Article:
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29 April 2014

Insulation, Glazing and Thermal Mass: Is There a Simple Relationship?

Advertisements tell us that our houses need more insulation while at the same time the New Zealand Standards and Building Code has increased its insulation requirements (and will probably continue to do so).  Can we conclude from this that 100% insulation is the best result?  Obviously not, because a building with a 100% insulated exterior skin is often referred to as a 'cold room' or refrigerator.

With glazing, a double unit is better than a single sheet window pane, and triple glazed units will give further improvement, as will using a timber frame rather than a standard aluminium frame.  Yet remember that if we grow tomatoes during the cold part of the year in a building with an exterior surface of 100% single glass in a simple aluminium frame it is called a ‘hot house’.

Thermal mass can smooth the daily hot/cold cycle within a home.  Having more available mass is good as it prolongs the passive solar gains into the evening while if there is very little thermal storage in the building fabric then in winter, it's necessary to wear more clothing as soon as the sun goes down. By this logic, 100% thermal mass is the best, yet this is also not the answer.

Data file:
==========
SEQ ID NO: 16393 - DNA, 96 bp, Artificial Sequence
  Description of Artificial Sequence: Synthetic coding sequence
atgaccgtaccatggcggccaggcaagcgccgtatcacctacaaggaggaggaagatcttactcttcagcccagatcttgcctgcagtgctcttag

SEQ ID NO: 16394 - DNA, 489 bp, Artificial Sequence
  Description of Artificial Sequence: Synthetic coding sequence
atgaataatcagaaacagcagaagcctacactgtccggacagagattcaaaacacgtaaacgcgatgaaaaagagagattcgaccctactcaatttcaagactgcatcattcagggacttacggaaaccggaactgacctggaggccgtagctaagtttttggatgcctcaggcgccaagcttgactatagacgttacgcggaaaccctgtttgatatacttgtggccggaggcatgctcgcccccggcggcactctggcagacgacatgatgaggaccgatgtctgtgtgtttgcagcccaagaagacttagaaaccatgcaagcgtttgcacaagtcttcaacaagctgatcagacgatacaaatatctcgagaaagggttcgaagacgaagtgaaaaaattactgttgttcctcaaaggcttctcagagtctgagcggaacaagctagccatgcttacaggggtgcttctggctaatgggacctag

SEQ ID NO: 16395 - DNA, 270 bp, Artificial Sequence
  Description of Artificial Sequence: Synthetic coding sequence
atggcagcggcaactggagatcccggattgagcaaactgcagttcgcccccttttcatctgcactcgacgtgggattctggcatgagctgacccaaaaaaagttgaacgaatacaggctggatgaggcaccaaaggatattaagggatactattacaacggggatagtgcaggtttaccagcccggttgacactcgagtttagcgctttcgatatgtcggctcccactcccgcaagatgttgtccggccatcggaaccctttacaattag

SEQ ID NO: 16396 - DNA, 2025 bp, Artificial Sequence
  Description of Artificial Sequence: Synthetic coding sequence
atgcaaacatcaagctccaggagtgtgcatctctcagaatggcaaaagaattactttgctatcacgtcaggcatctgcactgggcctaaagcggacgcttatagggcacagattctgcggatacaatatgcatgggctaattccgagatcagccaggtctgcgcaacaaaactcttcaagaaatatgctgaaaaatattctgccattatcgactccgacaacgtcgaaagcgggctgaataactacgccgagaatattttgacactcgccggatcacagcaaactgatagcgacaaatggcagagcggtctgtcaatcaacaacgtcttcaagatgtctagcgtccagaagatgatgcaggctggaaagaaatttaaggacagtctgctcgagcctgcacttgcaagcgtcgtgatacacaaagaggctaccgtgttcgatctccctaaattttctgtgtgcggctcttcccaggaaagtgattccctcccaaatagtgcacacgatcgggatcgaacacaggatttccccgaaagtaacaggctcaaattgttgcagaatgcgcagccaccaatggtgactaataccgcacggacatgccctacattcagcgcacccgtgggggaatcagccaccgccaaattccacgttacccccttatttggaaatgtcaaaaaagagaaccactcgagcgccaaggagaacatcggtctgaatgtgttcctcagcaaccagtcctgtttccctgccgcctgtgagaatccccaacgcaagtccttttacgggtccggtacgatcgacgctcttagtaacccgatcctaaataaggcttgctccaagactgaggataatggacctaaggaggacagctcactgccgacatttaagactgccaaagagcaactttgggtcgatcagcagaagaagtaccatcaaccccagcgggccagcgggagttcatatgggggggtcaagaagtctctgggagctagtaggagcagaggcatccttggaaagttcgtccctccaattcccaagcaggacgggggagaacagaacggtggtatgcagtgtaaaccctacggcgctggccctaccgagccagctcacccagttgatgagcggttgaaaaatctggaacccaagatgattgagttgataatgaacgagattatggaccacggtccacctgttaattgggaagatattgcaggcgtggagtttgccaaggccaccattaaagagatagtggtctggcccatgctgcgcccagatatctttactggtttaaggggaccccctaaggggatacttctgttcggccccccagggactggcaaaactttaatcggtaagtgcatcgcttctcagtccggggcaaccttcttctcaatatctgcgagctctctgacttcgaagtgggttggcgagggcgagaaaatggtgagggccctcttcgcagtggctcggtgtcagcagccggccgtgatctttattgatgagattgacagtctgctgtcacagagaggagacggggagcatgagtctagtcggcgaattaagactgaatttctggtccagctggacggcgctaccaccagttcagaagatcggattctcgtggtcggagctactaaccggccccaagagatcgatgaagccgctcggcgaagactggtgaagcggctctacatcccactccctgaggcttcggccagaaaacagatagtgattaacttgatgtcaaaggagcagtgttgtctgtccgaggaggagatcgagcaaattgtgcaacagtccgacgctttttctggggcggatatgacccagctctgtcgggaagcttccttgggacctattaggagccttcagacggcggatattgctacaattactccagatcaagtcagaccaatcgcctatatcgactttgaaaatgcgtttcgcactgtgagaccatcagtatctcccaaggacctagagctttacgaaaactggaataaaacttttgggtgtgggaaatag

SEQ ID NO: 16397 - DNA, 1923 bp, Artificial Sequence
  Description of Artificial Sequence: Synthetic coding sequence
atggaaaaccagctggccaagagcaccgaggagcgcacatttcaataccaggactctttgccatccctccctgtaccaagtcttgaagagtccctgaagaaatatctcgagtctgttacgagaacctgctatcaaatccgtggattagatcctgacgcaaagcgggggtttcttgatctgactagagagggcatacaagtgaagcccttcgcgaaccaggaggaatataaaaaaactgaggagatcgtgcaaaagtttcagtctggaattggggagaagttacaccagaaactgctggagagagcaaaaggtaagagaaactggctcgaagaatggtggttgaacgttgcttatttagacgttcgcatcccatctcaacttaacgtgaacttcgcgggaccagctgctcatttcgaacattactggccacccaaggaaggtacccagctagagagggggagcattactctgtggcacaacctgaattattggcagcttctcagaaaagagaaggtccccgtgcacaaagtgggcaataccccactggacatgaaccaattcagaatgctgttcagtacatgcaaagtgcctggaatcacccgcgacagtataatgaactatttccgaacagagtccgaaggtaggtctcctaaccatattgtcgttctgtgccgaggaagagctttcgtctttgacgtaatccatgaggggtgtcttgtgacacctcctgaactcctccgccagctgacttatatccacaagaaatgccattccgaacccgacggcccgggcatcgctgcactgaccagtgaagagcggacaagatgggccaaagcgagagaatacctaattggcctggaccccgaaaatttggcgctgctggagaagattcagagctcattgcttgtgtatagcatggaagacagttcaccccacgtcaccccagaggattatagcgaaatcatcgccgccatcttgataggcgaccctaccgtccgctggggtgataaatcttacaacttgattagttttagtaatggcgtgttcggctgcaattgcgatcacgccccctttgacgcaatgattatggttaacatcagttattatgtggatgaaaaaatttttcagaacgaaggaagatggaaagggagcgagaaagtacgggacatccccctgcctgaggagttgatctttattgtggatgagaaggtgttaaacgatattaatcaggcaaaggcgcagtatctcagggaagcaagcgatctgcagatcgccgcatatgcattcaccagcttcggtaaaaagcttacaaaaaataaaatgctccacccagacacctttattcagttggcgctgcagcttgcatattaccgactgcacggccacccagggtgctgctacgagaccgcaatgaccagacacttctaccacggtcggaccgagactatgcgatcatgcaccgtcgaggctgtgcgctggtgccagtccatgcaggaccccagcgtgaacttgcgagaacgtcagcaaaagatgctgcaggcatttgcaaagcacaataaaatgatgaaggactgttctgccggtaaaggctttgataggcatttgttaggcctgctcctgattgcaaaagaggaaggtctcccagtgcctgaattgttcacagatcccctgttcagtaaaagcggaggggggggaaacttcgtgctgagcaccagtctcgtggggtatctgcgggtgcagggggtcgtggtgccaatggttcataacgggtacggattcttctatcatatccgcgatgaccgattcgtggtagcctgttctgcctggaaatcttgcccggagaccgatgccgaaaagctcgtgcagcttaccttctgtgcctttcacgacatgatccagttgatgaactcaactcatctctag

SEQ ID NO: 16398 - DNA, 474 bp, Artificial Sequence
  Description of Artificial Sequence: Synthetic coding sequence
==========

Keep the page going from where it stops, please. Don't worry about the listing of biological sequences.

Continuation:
These three factors – insulation, glazing and thermal mass – have a complex, multivariable interrelationship where if two are adjusted, the third will be affected.  The sweet spot is where the proportions of all three come together for a unique best fit.  This best fit is not only dependant on the proportions across the building fabric and the relative locations of each within the building, but also on the orientation, site contours, shading from adjacent features, climate patterns and exposure, and so on.

The problem is how to get near to the sweet spot.  In the past, designers relied on simple principles and their experience and observation – with assistance from the publication Sunshine and Shade in Australasia – for the passive solar design aspects of their homes.  As with structural design where sophisticated engineering software can quickly and easily explore the implications and potentials of the designer’s ideas, today passive thermal design consultants are using sophisticated thermal simulation software such as AccuRateNZ.  After entering the building description, the software can produce an objective analysis of the various planning, material and aesthetic options generated by the designer.  While the software does not identify the sweet spot (as with engineering it only passively analyses the given data), instead the analysis allows the three functions to be quickly manipulated by the designer to give comparative results that are ‘sweeter’ than the intuitive process.

In my opinion, while it is desirable to produce the best passive thermal design, this should not be at the expense of buildability, liveability and aesthetics; after all you can put on or take off a jersey to moderate the thermal environment but it is difficult to continually adjust the physical building.

In subsequent blogs I will expand on my views of the influence of each aspect of insulation, glazing and thermal mass on a building’s design and performance.  If you have any insights to share, please feel free to post a comment below.

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